If you’re using a GoPro, odds are that you’re doing something active. Maybe it’s putting in laps at the track, descents down the mountain bike trail, or even a simple walk. No matter the activity, the footage you capture will be steady and clear thanks to the Hypersmooth 3.0 internal stabilization, which makes even the bumpiest clips seem like they were filmed with an expensive, professional-quality gimbal. GoPro took that one step further by allowing users to activate an automatic horizon-leveling feature, which will help the background match the environment while the footage retains the angles of the action.

Timelapses always reveal an interesting look at the world around us and the new TimeWarp 3.0 feature offers users even more control because they can speed up or slow down the way life is captured through the Real Speed and Half Speed settings. 


You have to see what you’re shooting and that’s easier than ever before thanks to the two LCD screens, front and back, that have been built into the camera. The rear screen is a 2.27” rear touch display with touch zoom while the front screen is a 1.4” color display that shows a live preview and status modes. All of the camera’s controls can be done through these screens, while it is also able to react to multiple voice commands in 11 different languages and six accents.


Sure, it’s great to share your footage after the fun ends, but with the HERO9, you can now broadcast whatever you’re doing to the masses as it happens. Once you connect your camera to the Internet, you’ll be able to stream the Hypersmooth footage in 1080 quality to your preferred platform.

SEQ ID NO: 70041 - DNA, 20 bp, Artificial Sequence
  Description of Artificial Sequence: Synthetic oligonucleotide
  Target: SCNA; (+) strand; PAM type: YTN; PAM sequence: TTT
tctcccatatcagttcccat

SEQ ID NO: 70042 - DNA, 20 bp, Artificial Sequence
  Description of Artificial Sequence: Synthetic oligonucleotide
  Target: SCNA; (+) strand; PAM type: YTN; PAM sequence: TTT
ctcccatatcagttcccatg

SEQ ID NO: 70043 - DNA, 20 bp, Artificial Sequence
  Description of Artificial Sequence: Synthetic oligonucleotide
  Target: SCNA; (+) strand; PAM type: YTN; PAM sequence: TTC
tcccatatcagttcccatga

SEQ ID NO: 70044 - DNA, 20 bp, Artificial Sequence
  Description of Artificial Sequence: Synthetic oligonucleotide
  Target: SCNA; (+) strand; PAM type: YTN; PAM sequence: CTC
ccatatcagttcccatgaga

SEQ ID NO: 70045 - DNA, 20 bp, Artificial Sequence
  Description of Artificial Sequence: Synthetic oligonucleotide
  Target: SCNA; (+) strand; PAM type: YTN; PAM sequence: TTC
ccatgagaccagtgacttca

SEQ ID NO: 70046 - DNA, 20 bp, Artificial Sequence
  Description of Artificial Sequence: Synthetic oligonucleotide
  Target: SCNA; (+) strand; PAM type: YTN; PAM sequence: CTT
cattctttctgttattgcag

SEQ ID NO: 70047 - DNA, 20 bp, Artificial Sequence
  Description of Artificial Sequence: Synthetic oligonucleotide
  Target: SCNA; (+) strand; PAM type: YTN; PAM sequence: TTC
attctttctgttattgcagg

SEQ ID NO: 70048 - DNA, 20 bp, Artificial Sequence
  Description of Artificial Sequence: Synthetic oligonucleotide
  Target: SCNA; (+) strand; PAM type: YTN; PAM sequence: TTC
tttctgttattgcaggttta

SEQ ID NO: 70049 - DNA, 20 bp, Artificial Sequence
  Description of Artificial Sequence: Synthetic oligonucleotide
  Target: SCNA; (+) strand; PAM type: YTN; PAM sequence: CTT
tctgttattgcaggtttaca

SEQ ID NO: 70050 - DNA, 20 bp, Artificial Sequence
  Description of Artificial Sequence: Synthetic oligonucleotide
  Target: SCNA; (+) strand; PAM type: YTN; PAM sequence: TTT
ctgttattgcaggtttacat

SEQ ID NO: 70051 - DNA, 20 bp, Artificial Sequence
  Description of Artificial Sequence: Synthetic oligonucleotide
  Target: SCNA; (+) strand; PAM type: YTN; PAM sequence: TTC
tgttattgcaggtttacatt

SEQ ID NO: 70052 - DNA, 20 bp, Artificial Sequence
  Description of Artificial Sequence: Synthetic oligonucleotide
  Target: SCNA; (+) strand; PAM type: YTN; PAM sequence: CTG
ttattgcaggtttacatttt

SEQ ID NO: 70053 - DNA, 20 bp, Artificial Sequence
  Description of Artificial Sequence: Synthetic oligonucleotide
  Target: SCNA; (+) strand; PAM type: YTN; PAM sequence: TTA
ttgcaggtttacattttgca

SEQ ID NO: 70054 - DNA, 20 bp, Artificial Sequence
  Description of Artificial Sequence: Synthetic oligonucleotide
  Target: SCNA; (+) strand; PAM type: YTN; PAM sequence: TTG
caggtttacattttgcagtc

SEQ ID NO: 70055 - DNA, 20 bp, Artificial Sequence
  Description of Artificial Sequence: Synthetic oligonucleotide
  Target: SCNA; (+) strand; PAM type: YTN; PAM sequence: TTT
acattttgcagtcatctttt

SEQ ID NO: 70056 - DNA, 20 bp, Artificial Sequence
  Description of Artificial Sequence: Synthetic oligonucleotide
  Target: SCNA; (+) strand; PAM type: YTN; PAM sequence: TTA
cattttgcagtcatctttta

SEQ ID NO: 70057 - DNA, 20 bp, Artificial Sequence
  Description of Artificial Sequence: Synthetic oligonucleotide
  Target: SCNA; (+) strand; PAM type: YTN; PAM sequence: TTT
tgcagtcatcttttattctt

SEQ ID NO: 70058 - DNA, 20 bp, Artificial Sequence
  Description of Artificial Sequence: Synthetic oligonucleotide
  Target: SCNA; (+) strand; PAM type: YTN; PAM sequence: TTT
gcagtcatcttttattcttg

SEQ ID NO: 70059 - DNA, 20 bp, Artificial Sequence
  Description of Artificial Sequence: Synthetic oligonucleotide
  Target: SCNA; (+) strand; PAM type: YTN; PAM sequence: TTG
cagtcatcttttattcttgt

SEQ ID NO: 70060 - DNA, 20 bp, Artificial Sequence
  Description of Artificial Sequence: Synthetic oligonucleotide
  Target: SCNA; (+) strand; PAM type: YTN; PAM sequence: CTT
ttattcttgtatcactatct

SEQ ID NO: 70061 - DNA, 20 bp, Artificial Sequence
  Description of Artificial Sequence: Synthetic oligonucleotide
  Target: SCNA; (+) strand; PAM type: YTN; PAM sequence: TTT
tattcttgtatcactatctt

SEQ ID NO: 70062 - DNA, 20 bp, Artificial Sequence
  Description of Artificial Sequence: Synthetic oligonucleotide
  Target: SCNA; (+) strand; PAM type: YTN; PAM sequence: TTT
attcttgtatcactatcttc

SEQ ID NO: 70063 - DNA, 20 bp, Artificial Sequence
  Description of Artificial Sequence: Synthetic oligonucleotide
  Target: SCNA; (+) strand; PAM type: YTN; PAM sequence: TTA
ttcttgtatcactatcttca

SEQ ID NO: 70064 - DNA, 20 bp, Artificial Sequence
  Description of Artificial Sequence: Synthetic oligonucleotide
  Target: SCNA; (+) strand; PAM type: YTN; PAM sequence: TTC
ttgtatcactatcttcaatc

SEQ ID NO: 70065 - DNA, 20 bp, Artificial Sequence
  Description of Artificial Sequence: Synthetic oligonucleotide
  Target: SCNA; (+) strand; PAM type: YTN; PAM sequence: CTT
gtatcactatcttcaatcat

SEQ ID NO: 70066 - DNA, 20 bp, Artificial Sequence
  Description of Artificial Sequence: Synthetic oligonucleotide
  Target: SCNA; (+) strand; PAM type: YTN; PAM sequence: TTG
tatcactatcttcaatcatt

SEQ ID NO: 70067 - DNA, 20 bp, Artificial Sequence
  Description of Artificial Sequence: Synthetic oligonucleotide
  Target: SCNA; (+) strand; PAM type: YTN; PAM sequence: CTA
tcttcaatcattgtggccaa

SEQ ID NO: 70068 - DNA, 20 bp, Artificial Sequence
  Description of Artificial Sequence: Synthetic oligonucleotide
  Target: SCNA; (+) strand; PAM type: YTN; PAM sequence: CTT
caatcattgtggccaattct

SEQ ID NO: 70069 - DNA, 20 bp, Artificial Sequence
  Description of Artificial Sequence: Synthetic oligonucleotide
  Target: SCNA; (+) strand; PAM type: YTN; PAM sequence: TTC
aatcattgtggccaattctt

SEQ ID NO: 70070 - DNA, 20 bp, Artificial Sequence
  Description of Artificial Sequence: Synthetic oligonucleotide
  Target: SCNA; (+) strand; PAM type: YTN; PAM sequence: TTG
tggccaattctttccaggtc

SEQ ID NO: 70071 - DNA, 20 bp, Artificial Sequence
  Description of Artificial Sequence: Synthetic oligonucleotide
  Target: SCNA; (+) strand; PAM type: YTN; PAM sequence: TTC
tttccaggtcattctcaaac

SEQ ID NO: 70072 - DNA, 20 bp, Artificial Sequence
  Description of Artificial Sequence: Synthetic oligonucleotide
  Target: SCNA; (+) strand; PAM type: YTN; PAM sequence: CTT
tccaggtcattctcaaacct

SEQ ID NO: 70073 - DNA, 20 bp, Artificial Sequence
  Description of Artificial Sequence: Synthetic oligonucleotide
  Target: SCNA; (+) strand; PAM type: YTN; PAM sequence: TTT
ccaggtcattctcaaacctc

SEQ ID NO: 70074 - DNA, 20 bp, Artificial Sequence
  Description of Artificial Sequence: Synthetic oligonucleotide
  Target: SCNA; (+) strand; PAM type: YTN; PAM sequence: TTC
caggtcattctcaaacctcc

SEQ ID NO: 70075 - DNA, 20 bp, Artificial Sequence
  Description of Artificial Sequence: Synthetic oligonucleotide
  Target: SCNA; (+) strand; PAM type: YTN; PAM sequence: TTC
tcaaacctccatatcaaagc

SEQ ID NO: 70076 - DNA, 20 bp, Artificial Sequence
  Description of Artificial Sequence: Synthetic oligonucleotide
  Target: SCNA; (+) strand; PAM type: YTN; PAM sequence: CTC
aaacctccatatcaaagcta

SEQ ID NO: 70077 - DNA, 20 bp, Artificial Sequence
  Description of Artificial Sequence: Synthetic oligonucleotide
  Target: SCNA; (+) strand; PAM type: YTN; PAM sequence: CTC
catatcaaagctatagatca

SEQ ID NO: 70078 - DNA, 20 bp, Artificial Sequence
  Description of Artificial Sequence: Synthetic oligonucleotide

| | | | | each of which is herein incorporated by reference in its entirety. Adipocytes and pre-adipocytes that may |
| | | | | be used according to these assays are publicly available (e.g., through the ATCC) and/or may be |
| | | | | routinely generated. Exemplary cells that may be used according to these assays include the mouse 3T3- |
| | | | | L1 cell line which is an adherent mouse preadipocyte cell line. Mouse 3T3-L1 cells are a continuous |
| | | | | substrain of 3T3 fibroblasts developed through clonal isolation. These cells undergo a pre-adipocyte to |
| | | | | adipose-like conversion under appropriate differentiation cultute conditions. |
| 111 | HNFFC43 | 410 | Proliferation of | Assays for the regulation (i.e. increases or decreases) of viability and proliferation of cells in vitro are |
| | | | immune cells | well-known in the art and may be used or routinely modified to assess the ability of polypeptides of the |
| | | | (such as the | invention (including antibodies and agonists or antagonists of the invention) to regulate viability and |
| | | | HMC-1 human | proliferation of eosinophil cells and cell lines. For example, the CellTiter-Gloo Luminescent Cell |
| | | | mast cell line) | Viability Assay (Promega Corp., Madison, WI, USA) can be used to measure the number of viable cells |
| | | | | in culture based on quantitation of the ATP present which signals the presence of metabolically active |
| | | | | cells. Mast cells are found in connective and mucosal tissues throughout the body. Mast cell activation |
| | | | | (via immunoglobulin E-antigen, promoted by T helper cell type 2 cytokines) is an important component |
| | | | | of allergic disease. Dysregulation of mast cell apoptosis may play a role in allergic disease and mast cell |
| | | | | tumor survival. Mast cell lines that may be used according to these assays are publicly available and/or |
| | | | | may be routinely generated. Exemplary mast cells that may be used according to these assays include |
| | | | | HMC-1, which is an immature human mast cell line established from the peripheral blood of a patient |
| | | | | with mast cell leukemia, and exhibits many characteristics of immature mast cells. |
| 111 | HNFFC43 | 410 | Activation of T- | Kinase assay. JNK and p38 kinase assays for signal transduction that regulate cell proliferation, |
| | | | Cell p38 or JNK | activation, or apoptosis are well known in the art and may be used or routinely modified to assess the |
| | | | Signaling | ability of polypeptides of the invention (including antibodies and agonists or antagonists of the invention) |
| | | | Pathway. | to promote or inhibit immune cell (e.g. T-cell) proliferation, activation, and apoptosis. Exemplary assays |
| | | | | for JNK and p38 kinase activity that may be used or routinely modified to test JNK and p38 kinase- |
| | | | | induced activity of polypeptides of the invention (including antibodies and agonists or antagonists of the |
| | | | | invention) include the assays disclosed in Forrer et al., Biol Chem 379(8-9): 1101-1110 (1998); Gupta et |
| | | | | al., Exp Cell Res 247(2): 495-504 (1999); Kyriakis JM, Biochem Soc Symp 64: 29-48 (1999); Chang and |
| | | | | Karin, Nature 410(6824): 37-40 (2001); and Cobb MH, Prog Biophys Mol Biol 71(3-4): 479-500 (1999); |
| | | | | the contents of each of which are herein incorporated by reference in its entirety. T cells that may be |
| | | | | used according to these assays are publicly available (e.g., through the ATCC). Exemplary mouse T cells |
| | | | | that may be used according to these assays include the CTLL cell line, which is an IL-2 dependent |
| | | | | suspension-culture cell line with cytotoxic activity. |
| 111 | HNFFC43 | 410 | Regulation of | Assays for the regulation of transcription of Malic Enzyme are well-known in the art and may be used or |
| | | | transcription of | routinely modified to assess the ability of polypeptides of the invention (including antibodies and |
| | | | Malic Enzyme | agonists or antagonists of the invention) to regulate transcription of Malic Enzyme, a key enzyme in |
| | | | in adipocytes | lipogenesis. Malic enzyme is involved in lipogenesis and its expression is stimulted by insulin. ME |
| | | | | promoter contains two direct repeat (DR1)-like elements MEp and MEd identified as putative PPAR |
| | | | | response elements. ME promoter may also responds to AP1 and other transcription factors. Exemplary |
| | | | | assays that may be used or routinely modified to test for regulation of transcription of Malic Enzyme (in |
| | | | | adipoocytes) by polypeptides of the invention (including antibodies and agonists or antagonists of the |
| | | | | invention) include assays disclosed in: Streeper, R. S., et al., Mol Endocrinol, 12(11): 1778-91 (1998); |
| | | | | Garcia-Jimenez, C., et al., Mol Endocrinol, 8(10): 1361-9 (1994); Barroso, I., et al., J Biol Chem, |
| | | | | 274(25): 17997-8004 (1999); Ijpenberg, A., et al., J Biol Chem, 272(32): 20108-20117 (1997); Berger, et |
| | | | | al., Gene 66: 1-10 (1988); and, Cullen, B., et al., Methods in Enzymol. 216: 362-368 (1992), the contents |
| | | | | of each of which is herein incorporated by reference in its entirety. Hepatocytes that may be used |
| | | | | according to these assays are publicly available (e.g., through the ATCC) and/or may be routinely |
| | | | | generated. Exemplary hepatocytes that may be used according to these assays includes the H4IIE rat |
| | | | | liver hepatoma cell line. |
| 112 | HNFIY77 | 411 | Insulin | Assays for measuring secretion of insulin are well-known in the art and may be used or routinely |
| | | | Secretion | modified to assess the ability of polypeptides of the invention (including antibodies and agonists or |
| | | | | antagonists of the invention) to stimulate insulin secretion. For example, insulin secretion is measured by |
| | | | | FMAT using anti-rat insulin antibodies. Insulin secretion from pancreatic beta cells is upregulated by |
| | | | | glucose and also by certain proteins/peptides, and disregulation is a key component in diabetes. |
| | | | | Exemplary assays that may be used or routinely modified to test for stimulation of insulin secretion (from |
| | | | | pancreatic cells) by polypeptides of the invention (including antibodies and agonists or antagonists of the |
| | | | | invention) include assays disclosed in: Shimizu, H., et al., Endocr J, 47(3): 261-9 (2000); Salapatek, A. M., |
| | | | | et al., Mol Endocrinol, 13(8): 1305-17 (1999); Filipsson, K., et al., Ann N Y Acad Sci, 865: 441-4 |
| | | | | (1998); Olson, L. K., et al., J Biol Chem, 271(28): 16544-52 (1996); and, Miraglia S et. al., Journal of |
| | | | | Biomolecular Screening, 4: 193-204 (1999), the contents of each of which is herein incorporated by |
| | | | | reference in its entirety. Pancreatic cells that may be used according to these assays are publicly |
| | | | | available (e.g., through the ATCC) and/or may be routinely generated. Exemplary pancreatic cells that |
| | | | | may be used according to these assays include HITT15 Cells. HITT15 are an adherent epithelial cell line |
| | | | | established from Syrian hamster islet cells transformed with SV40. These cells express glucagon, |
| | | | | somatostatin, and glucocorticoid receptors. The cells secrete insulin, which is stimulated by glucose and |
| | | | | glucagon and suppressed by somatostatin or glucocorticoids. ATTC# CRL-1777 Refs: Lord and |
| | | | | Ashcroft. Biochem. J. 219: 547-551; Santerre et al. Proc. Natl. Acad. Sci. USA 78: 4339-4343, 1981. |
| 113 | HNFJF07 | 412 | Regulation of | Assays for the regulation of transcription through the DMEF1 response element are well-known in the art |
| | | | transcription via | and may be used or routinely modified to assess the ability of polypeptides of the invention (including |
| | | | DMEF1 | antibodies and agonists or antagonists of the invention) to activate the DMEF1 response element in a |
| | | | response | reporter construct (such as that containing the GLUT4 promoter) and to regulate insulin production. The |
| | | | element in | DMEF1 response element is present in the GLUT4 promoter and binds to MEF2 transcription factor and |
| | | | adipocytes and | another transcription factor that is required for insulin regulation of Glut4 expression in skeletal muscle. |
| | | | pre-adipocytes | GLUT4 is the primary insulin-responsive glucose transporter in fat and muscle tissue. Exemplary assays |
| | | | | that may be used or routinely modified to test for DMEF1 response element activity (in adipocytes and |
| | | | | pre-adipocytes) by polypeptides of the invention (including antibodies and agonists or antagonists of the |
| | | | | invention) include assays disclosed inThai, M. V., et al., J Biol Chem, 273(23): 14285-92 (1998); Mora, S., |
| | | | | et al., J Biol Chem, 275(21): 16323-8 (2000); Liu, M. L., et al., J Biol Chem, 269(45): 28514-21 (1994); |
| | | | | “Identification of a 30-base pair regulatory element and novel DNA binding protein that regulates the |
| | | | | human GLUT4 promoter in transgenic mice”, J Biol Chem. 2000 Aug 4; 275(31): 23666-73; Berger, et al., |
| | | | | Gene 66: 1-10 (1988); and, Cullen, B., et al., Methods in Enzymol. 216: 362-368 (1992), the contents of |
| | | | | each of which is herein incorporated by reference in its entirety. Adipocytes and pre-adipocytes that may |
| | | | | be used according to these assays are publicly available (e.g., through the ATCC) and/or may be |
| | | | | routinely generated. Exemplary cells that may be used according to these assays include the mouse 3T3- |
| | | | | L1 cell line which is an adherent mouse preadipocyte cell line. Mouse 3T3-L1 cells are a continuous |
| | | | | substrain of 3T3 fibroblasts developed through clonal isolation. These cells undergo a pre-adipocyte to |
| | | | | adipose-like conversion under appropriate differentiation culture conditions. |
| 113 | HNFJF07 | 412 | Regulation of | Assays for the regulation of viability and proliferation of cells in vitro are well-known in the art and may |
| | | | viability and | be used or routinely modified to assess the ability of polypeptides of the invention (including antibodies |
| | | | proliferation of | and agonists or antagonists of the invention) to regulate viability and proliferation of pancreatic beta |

The durability of the GoPro has come a long way, evident in the 33-foot waterproofing and a replaceable outer lens that has made the old plastic case obsolete, but the HERO9 has some other new features that make it more usable than ever. At the bottom of the camera are two fold-down fingers, which allow the camera to be attached to a variety of mounts, including the trademark stick-on holder, the Chesty harness, and the new accessories like the Media Mod (a case that includes a built-in directional mic with wind-suppression, 3.5mm mic port, HDMI-out, two cold-shoe mounts), the Display Mod (a flip-up screen that lets you see yourself in action), the Light Mod (an LED light that can cast up to 200 lumens and is waterproof to 33 feet), and the Max Lens Mod (an ultra-wide 155˚ FOV digital lens).